Writing became one of the most precious gifts to me at 8 years-old. To this day, it is my chosen mode of communicating.
Last week Thursday marked 6 weeks that (most) students have been in school. First, I am not a licensed psychologist, but over the last eleven years in youth ministry, I've noticed a trend once we hit 6 weeks into the school year.
"Can you pray for me? I'm really struggling."
"Everything feels really hard right now."
"I'm really anxious. I can't sleep at night."
"I'm really depressed. I don't know what to do."
"My best friend decided to ditch me for a guy."
"I can't keep my mind focused on the game."
I don't know what this phenomena is but it seems as though each school year as we hit the six to seven week mark, all of these things start to bubble to the surface in our teenagers. Maybe they're things that have been present since week one of the school year, but now reality is settling in. "The honeymoon is over," as one teacher put it. This year, I finally have given a name to it: the six-week slump.
By this time, students have adapted to the new routine of the school year and the 'newness' of a new school, new schedule, new classes, and all things 'new' have worn off. I've wondered that after six weeks of a new school year, real life has settled in for our students and maybe some hard realities are hitting them and life just feels really tough.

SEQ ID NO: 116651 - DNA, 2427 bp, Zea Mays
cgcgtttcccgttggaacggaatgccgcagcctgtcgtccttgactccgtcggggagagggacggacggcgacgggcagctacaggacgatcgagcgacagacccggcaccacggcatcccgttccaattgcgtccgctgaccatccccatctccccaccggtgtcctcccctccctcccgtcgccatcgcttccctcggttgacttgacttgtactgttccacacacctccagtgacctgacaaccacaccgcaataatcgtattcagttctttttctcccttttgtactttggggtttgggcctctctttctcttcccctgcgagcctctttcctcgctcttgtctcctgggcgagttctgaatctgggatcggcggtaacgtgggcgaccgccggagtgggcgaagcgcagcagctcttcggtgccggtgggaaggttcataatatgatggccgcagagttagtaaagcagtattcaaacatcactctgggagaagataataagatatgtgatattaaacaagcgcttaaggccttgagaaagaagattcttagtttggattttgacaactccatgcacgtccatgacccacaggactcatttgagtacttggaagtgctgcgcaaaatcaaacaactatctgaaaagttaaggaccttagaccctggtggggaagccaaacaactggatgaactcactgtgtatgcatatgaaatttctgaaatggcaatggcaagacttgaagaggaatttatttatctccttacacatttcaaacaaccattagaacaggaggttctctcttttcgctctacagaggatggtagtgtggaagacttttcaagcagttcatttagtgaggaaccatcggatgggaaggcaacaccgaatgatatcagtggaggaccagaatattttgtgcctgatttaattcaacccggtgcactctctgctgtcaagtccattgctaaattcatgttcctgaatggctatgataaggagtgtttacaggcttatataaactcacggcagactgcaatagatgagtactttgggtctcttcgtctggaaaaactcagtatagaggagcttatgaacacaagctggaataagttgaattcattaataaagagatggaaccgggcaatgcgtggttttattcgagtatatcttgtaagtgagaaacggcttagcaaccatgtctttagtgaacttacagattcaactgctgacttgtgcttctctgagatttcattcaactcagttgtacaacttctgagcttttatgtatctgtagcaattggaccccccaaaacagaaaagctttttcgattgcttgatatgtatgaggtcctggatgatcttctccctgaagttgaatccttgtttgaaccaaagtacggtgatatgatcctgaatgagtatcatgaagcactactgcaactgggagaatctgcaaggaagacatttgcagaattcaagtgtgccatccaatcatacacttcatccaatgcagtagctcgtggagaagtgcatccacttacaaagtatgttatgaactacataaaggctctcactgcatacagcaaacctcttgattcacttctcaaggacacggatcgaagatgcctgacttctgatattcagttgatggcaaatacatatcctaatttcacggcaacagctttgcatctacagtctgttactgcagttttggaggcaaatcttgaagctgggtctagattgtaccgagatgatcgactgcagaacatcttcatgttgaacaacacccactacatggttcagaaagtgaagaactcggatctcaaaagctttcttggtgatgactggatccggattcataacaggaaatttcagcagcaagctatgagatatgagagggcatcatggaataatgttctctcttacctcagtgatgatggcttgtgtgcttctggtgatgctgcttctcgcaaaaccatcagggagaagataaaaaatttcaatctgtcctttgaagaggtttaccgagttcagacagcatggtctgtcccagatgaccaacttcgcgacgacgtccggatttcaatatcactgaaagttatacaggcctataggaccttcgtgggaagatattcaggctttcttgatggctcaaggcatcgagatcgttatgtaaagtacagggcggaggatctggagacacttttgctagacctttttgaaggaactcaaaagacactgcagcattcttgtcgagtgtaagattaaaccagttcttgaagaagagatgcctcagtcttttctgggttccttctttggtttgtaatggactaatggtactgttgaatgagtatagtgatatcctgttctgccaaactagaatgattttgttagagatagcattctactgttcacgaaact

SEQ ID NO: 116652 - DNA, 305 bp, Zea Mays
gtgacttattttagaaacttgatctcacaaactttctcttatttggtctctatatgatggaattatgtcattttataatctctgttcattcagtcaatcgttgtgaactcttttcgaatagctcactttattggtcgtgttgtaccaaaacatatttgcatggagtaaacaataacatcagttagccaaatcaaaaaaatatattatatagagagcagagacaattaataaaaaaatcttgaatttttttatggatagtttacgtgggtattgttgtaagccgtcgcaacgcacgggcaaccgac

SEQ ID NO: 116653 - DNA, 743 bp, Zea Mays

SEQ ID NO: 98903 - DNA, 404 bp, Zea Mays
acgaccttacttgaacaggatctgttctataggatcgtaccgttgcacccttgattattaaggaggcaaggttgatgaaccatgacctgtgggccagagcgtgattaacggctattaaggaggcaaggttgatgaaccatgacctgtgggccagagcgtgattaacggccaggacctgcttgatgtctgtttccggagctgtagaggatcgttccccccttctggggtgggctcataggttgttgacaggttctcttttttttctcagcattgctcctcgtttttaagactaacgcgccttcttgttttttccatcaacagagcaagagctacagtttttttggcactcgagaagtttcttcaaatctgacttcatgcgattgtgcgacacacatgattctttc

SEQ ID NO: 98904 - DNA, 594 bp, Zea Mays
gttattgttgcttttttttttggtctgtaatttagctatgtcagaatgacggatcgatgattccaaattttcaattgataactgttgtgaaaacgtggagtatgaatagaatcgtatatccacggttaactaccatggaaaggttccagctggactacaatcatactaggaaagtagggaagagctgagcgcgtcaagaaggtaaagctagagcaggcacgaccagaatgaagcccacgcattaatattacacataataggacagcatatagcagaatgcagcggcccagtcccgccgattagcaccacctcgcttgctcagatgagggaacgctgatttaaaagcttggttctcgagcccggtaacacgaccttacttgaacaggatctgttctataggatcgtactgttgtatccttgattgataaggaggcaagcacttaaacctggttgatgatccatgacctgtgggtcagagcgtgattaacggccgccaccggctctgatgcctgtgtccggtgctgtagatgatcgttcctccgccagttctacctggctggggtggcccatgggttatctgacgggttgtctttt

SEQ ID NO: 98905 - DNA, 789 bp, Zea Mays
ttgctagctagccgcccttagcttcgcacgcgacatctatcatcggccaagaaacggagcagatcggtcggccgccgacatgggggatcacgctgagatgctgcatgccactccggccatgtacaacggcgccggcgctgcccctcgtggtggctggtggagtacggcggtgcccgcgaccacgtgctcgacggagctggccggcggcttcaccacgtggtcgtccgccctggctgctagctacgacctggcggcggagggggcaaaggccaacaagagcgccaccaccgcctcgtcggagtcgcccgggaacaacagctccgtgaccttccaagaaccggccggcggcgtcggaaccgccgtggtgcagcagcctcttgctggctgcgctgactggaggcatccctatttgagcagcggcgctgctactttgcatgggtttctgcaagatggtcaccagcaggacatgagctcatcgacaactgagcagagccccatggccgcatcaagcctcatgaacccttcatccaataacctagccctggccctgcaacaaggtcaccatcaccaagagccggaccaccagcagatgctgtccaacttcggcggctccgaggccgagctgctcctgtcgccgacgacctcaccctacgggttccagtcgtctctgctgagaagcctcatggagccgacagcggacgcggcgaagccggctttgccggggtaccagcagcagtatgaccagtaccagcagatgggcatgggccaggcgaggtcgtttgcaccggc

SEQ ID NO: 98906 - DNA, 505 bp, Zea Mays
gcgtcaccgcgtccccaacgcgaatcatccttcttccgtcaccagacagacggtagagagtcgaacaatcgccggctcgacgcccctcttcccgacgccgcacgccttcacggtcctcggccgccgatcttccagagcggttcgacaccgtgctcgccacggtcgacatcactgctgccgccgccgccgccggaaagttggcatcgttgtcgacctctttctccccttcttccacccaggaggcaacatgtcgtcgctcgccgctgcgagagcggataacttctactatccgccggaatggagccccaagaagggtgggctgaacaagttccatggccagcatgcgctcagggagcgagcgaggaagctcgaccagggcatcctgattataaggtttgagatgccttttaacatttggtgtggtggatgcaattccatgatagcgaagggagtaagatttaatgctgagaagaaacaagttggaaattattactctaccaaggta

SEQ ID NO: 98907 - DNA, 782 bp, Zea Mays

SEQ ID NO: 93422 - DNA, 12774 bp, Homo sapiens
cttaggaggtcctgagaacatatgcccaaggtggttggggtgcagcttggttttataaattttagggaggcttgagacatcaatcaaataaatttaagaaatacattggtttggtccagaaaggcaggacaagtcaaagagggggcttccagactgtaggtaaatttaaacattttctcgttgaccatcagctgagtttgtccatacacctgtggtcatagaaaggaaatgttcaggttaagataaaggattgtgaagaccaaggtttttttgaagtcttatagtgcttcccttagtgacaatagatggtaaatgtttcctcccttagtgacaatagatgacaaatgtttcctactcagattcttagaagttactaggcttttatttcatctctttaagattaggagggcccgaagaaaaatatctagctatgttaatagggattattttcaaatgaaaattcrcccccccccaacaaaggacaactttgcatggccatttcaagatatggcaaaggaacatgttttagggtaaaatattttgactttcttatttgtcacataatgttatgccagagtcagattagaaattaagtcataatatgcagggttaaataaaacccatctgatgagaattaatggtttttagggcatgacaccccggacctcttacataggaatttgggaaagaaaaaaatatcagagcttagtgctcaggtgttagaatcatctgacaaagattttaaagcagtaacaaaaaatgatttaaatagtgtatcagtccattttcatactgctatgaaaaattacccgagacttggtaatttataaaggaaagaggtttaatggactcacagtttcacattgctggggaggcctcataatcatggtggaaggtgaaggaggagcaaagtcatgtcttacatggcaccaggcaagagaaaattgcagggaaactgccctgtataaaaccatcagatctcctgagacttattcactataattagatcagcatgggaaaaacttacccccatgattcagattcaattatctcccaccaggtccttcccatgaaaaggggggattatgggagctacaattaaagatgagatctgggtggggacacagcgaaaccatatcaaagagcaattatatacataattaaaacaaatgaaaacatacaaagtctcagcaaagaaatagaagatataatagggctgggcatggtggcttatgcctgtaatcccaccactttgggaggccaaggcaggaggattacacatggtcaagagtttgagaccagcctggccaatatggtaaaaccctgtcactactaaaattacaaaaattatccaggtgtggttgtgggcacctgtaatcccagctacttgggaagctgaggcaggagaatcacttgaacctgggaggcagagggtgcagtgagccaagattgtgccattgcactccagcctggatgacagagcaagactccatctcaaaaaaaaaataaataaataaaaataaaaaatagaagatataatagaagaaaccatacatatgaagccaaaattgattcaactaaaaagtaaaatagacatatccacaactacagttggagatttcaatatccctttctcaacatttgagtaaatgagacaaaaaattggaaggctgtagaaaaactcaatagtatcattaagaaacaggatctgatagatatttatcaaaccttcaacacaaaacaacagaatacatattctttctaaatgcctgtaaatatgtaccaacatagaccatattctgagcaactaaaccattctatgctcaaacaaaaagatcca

That one friend he/she had in elementary school is too involved with another friend or maybe even a relationship and doesn't have time for him/her anymore.
The fall sports seasons are winding down and either it's a great thing or a really hard thing. The day-in-day-out routine of practices and games is tiresome and the student is ready for a break.
That one class isn't getting any easier and it's almost the end of the first quarter and your student is wondering, when will this all make sense to me?
Because of these realities or other situations going on, students start to question their identity, purpose and belonging. There are more outbursts, there are more tears, and there are questions of "why?" and wondering if Jesus even cares. You could say that it's a time and period when students feel really low and potentially anxious.
Regardless of what our students are experiencing, and based on past experience, these six to eight weeks into the school year can be rocky. Situations like those listed above or others can cause students to really start to question their identity, purpose, and belonging. That's when we as parents and the church link arms even tighter and remind our students that because of Jesus, they are loved, they matter, and they belong.
I'm curious to know if you've noticed this in your teenager during their Middle School years or if you're noticing it now. If you're an educator, coach, or someone that works with teenagers in some capacity, what do you notice around the six-week mark?